Is sunflower oil bad for you?

An expert weighs in.

Is sunflower oil good or bad for you? Compared to most other cooking oils out there, sunflower oil is very nutrient-dense. In fact, when consumed as part of a balanced diet, it may be beneficial for our health.

“Sunflower oil is made from the pressed seeds of sunflowers, and as such, is not bad for us at all,” accredited practising dietician, Natalie Von Bertouch, tells New Idea Food. “It’s high in vitamin E which is a powerful antioxidant that is known to protect the health of our cells tissues and organs and may play a part in boosting our immune system.”

“It is safe to cook with and use in salads, although it’s best to consume in moderation as oils are still a fat and are therefore high in calories,” she adds. “I’d recommend using a variety of oils in your diet to maximise the health benefits each oil offers.”At the supermarket, you may find three different varieties of sunflower oil: organic, cold-pressed and high-oleic sunflower oil. The latter has been modified to be richer in oleic acid, which boosts the monounsaturated fat content. So how does sunflower oil measure up to other oils?RELATED:7 of the best substitutes for peanut oil
“If you’re tossing up between sunflower oil vs canola oil, always opt for sunflower oil,” Von Bertouch says. “While canola oil contains 10 micrograms of vitamin K, sunflower oil boasts almost double the vitamin E.”In addition, sunflower oil has much higher amounts of linoleic acid than olive oil (65% to olive oil’s 10%.) However, “olive oil is a better source of vitamin K, fatty acids, monounsaturated fats and minerals – making it a healthier choice overall.”

Benefits of sunflower oil


1. Promotes heart healthSunflower oil contains phytochemicals such as choline and phenolic acid, which studies have found to be beneficial for the heart. Furthermore, it’s naturally free from trans fats, which is associated with an increased risk of developing heart disease.2. Provides energySunflower oil is loaded with monounsaturated and polyunsaturated fats which provide the body with a good source of fuel.3. Lowers cholesterolResearch shows that including sunflower oil in the diet can effectively lower our total cholesterol levels as well as the build-up of ‘bad’ low-density lipoprotein (LDL) cholesterol. 4. Strengthens the immune systemSunflower oil’s antioxidant properties strengthen the cell membranes, making it harder for bacteria and viruses to enter the body. In addition, this increases our ability to fight off infections.5. Improves digestionAs sunflower oil is extremely light, it is better absorbed in your digestive tract than many other oils. It also acts as a mild laxative, which can help with constipation.6. Repairs the bodySunflower oil contains proteins that help in building and repairing the tissues and enzymes required for the healthy functioning of the body’s systems.RELATED:These are the 7 best substitutes for coconut oil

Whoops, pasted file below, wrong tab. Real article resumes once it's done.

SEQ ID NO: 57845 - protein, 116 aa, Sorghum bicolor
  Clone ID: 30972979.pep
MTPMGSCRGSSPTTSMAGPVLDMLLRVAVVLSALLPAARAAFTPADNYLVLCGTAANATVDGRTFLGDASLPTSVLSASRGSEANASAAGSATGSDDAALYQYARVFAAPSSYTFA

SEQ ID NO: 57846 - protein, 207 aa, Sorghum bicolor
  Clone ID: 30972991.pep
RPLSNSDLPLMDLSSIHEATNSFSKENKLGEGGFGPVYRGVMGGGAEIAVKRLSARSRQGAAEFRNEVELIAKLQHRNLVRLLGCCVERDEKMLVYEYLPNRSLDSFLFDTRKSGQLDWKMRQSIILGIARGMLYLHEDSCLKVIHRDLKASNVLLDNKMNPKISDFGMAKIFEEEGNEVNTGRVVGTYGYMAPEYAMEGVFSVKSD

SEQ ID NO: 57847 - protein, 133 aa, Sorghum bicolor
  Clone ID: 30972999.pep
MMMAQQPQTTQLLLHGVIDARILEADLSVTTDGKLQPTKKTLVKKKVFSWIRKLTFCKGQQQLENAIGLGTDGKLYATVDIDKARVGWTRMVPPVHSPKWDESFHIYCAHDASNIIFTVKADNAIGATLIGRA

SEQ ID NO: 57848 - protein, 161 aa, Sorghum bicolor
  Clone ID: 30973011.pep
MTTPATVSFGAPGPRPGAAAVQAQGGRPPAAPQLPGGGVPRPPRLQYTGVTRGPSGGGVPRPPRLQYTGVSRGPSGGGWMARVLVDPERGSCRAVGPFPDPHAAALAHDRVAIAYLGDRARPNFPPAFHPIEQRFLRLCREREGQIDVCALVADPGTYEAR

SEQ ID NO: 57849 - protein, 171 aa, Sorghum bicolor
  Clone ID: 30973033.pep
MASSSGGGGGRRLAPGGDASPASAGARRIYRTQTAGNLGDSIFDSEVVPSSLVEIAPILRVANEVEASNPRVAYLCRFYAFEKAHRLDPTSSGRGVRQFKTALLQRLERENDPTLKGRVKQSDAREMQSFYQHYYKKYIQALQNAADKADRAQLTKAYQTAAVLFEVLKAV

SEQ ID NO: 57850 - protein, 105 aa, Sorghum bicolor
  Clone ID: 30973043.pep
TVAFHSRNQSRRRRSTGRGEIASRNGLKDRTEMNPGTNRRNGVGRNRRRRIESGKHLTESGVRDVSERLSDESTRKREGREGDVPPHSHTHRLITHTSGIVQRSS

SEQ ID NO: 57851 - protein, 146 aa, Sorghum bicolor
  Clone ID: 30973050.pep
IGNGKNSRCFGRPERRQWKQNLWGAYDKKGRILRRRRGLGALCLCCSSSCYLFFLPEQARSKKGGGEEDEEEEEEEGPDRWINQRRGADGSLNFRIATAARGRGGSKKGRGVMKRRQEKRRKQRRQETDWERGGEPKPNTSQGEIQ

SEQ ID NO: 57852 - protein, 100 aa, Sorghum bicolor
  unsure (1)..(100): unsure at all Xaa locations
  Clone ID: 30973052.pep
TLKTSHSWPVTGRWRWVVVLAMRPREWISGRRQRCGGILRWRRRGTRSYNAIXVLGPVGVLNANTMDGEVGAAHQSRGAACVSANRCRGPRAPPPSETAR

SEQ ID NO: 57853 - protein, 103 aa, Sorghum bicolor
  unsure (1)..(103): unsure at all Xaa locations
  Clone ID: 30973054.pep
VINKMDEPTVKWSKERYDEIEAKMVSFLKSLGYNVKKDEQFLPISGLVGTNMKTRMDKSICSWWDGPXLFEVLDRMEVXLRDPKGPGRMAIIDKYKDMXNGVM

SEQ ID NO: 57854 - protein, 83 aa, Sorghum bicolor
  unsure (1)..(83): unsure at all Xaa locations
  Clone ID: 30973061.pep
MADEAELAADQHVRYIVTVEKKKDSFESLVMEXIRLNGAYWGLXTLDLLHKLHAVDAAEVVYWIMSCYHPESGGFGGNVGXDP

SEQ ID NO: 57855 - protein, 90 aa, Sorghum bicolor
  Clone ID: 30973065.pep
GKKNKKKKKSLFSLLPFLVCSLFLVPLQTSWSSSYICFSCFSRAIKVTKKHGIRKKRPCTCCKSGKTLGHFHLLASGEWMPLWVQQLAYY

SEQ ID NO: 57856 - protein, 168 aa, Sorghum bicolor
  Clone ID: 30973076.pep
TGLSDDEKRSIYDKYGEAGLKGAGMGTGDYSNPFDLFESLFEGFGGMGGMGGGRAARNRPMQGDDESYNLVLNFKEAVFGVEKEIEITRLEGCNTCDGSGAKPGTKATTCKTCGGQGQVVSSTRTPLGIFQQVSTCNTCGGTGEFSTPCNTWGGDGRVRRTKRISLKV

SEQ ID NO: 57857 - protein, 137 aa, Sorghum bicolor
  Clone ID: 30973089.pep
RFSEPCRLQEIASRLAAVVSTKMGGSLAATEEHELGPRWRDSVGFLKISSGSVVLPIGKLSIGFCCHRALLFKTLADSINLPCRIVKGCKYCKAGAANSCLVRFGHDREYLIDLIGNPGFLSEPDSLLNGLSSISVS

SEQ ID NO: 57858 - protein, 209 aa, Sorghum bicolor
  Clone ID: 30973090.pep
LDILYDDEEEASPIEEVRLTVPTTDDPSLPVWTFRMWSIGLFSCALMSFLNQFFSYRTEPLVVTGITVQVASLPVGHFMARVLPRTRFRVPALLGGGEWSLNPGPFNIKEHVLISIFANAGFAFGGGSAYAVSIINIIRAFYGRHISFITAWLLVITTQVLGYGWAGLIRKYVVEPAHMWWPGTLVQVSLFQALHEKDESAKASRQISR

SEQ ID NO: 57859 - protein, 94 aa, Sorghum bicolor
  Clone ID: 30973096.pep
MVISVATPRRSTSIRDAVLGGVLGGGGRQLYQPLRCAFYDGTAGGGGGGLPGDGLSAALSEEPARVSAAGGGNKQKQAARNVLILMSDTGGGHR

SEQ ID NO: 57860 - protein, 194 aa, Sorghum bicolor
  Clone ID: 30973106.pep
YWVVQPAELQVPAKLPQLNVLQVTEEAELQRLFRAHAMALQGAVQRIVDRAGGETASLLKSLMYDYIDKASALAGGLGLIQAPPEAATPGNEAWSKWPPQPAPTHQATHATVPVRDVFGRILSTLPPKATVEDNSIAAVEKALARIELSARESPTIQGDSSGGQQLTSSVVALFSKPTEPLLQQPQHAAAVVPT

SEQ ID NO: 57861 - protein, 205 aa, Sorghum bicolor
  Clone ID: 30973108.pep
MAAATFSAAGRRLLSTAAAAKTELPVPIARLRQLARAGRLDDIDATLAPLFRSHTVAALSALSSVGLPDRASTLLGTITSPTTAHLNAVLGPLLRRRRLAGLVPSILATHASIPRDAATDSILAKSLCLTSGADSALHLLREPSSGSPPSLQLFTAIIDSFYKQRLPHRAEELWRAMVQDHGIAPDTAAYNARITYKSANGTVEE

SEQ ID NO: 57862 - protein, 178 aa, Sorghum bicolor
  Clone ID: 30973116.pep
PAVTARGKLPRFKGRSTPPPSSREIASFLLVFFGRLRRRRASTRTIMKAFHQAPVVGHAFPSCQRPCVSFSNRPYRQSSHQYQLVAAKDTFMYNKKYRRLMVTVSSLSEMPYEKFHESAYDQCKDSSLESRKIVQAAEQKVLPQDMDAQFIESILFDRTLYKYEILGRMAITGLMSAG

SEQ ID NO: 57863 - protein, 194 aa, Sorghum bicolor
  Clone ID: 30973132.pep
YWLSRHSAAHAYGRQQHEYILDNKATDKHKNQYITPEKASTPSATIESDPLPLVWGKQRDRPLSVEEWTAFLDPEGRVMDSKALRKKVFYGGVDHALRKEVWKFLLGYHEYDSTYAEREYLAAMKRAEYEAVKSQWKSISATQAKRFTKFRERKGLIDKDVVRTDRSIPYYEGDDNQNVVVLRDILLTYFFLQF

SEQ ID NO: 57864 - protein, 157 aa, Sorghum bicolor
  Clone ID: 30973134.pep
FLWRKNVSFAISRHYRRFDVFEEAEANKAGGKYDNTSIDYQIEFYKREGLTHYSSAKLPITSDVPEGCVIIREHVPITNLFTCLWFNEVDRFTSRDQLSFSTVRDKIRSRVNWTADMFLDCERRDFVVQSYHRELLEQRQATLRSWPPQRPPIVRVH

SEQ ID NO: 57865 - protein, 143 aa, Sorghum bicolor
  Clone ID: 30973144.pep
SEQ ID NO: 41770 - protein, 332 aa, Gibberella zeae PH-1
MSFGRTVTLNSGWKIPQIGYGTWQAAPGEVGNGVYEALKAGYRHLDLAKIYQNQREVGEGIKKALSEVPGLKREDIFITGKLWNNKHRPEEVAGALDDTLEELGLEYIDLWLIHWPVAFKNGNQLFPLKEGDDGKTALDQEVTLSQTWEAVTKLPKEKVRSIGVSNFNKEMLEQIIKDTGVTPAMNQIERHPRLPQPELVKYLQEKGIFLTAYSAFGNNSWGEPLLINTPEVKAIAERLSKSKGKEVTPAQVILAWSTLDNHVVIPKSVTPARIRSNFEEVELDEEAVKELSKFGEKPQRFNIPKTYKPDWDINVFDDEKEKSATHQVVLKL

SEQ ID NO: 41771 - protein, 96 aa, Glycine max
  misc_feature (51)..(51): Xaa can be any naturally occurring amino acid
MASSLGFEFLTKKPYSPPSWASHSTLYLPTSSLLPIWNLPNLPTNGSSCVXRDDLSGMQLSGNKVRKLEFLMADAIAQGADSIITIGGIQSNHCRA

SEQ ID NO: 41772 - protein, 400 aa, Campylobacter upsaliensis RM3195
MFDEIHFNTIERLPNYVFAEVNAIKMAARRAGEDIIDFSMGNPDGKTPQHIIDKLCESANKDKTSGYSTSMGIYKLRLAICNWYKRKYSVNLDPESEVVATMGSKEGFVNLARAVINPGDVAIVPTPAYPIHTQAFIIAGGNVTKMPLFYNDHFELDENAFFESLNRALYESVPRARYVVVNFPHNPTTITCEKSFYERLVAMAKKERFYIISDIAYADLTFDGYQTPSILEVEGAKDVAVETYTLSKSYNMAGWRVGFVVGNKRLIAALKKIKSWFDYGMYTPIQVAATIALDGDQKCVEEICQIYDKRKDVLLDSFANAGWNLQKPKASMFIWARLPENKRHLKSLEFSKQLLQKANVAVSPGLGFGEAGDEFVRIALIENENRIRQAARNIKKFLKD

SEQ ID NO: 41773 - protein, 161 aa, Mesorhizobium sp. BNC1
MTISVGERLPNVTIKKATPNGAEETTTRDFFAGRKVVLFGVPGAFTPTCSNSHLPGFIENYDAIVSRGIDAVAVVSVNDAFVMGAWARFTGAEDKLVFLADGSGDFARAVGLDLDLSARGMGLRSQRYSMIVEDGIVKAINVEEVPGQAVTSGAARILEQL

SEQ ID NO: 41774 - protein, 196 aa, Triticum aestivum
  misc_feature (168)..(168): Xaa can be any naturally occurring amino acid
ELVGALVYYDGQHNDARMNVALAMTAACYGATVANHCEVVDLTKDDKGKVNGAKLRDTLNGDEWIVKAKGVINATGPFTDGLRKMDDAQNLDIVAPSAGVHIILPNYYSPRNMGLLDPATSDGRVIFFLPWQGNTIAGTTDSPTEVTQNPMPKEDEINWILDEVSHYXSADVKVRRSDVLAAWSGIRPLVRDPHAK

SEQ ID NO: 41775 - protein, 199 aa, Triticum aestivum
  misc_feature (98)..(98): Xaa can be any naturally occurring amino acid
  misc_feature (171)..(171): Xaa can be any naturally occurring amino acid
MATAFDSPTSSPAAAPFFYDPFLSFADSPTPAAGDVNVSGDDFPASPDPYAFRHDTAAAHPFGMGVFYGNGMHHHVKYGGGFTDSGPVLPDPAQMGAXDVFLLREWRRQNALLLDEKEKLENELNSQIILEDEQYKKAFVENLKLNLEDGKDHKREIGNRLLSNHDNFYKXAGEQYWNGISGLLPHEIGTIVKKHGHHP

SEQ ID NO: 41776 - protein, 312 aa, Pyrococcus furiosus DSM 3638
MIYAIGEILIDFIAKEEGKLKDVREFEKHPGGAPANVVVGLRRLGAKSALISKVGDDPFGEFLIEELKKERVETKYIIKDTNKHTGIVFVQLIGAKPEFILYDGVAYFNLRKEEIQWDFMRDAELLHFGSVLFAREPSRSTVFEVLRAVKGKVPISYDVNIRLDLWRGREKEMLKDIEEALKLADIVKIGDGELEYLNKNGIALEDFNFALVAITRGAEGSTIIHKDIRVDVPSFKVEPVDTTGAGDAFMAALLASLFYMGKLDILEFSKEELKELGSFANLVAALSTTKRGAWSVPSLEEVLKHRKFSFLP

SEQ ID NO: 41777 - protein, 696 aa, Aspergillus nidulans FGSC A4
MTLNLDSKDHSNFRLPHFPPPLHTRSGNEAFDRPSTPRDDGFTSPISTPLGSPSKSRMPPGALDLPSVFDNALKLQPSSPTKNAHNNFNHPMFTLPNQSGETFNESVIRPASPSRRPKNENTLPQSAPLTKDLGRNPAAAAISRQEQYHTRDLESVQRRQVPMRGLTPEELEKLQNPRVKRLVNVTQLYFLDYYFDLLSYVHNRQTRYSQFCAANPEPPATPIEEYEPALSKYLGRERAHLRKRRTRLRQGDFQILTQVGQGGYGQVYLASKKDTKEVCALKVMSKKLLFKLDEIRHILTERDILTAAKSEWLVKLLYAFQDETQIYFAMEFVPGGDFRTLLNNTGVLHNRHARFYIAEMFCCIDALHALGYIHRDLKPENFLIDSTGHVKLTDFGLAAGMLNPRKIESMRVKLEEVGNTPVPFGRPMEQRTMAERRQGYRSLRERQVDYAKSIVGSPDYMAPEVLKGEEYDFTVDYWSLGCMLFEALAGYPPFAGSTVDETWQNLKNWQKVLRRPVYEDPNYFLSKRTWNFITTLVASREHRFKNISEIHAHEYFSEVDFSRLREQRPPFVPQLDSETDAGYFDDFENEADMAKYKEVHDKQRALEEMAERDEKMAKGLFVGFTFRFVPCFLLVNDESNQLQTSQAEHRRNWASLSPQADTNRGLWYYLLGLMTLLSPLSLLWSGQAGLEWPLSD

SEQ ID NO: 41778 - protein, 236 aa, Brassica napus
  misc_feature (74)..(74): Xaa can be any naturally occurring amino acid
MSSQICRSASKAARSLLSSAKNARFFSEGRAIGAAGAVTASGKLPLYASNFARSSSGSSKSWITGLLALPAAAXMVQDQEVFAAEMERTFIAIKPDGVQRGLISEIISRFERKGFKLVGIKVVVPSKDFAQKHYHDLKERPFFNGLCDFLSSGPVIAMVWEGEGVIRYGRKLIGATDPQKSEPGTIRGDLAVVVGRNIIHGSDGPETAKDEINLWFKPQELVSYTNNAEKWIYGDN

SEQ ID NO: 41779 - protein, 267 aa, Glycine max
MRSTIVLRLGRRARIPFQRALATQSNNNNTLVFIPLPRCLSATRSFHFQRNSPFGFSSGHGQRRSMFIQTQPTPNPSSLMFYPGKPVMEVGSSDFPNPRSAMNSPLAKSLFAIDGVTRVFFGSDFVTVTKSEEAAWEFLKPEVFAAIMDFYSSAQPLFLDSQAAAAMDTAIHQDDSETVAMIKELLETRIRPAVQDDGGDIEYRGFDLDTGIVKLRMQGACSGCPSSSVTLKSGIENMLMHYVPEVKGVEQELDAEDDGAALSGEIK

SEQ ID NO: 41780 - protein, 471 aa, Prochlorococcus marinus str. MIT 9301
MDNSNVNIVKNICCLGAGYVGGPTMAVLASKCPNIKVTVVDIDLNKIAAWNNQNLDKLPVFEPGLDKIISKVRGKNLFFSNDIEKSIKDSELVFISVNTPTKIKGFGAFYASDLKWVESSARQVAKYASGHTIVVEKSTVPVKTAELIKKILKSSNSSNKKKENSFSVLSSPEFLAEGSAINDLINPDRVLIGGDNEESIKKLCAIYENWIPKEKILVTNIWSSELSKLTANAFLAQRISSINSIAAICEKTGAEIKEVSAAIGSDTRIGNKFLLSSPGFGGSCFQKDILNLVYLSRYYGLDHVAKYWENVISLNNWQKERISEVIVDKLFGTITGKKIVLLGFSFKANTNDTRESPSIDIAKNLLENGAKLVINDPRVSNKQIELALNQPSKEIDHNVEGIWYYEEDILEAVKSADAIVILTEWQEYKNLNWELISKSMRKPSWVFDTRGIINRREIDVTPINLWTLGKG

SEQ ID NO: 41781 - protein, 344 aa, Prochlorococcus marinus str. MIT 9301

Sunflower oil is a great multi-purpose cooking oil as it can withstand high temperatures (it has a smoke point of 230°C.) It is light amber in colour with a subtle nutty taste, making it perfect for both deep-frying vegetables and shallow-frying steaks and fish. It can also be used as a substitute for butter when baking cakes and muffins.


Because of its emollient properties, sunflower oil is often included as an ingredient in many cosmetics and medicines. Being rich in nutrients and antioxidants, it is effective in fighting acne, eczema, inflammation and general redness and irritation of the skin. It’s high vitamin E levels also help to neutralise free-radicals and slow ageing. 


Sunflower oil is incredibly nourishing for the hair and can preventing thinning, control frizz and combat dryness and damage. It can be applied directly to the scalp as a moisturising treatment or added to your regular shampoo and conditioner. RELATED:Bircher muesli with chia seeds

Nutritional information

1tbsp (13.6g) sunflower oil contains:120 calories (6.0% DV*)503 KJ13.6g total fat (20.9% DV) 1.2g saturated fats (5.6% DV)7.8g monounsaturated fats (26.9% DV)3.9g polyunsaturated fats (26.3% DV)0.0g carbohydrates (0.0% DV)0.0g sugars (0.0% DV)0.0g protein (0.0% DV)0.0g dietary fibre (0.0% DV)0.0mg cholesterol (0.0% DV)0.0g sodium (0.0% DV)0.0g water (0.0% DV)*Percent daily value (DV) based on a 2,000 calorie diet.

Allergy information

Although an allergic reaction to sunflower oil is very uncommon, it can occur. Symptoms may include bronchial asthma, rhinitis, conjunctivitis, angioedema, contact dermatitis, skin lesions and anaphylaxis.


While there are many alternatives to cooking with sunflower oil, here are the 10 most popular options:
    1. Olive oil 2. Vegetable oil 3. Peanut oil 4. Canola oil 5. Walnut oil 6. Butter 7. Safflower oil 8. Grapeseed oil 9. Coconut oil 10. Avocado oil
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